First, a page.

Synopsis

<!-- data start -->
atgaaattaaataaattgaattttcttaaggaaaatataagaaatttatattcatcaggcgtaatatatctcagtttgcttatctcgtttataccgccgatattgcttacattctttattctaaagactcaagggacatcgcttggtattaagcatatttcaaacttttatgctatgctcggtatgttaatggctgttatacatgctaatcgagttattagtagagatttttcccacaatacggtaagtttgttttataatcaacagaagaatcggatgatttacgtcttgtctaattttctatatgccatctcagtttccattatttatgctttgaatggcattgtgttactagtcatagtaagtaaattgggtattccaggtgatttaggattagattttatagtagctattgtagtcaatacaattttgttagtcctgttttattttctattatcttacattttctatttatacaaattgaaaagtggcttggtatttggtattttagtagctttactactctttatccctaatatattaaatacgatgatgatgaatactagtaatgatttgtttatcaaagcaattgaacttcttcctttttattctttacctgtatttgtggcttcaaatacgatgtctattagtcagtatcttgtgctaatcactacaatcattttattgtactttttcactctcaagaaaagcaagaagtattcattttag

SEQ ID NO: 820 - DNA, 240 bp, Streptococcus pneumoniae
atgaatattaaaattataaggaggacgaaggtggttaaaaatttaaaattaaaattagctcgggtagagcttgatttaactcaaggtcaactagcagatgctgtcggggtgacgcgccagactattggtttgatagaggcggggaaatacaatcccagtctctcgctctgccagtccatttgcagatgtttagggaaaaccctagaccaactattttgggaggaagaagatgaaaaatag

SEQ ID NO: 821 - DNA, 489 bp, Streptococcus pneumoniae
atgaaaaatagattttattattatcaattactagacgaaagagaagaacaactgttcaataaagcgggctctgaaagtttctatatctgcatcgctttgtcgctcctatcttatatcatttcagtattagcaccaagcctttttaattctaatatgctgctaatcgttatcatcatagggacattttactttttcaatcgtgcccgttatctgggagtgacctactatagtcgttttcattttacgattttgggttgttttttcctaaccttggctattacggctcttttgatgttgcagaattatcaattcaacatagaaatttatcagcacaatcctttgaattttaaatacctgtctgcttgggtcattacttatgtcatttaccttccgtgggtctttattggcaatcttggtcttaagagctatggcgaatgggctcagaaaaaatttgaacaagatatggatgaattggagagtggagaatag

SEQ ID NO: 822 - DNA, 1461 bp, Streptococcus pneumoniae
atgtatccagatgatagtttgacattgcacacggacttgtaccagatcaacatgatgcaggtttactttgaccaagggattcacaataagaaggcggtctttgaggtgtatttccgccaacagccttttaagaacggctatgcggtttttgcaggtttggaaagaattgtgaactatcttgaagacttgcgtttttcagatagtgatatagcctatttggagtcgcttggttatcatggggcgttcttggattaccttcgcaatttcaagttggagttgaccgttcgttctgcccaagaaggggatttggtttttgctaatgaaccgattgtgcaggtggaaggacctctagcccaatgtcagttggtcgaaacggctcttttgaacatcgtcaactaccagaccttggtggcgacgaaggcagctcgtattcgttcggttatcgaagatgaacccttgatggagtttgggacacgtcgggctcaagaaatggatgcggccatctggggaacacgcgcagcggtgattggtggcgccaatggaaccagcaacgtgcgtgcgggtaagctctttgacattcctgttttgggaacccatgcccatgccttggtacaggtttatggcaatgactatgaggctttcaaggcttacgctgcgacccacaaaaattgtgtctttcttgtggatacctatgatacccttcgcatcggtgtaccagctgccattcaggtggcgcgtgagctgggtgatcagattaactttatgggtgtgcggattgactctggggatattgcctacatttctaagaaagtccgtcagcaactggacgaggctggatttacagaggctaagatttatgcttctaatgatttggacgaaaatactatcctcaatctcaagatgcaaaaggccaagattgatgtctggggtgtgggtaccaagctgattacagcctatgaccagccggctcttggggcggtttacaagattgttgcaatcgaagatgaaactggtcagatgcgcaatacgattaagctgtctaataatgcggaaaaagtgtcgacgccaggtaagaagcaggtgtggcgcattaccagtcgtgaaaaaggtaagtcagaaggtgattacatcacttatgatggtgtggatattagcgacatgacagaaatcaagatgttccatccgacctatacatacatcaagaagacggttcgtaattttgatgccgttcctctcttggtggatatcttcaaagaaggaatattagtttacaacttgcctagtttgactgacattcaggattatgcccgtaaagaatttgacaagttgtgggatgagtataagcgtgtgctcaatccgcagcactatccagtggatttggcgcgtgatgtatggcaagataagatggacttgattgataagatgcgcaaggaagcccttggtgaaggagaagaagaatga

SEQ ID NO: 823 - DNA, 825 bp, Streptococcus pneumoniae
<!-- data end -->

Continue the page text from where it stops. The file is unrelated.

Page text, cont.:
Current geological maps of the Ardnamurchan Central Complex show the Fascadale Fault as a short (1.2 km) NW-trending tectonic junction between a sliver of the superstructure of the former Cenozoic volcano and the western margin of its outermost quartz-gabbroic intrusion. To the south, the mapped fault appears to die out in an area of coalescing basic igneous intrusions, whereas to the north, it is buried by alluvium before passing offshore into Fascadale Bay. Detailed bathymetric data obtained from a marine multibeam echo-sounder survey north of the Ardnamurchan peninsula reveal that the onshore fault is in structural continuity with a similarly-trending linear bathymetric feature, which extends almost to the island of Rum. Sea-bed geological structures offset by this major lineament suggest that the segment of the Fascadale Fault mapped onshore marks the southern end of a Cenozoic dextral strike-slip fault (>22 km long), which extends between Ardnamurchan and Rum. Based on these observations, a tectonic model is outlined that suggests that the sites of volcanic centres in the British part of the North Atlantic Igneous Province are controlled by the interaction of NW-trending structures, like the Fascadale Fault, with NNE-trending (Caledonoid) structures in a Cenozoic strike-slip regime.

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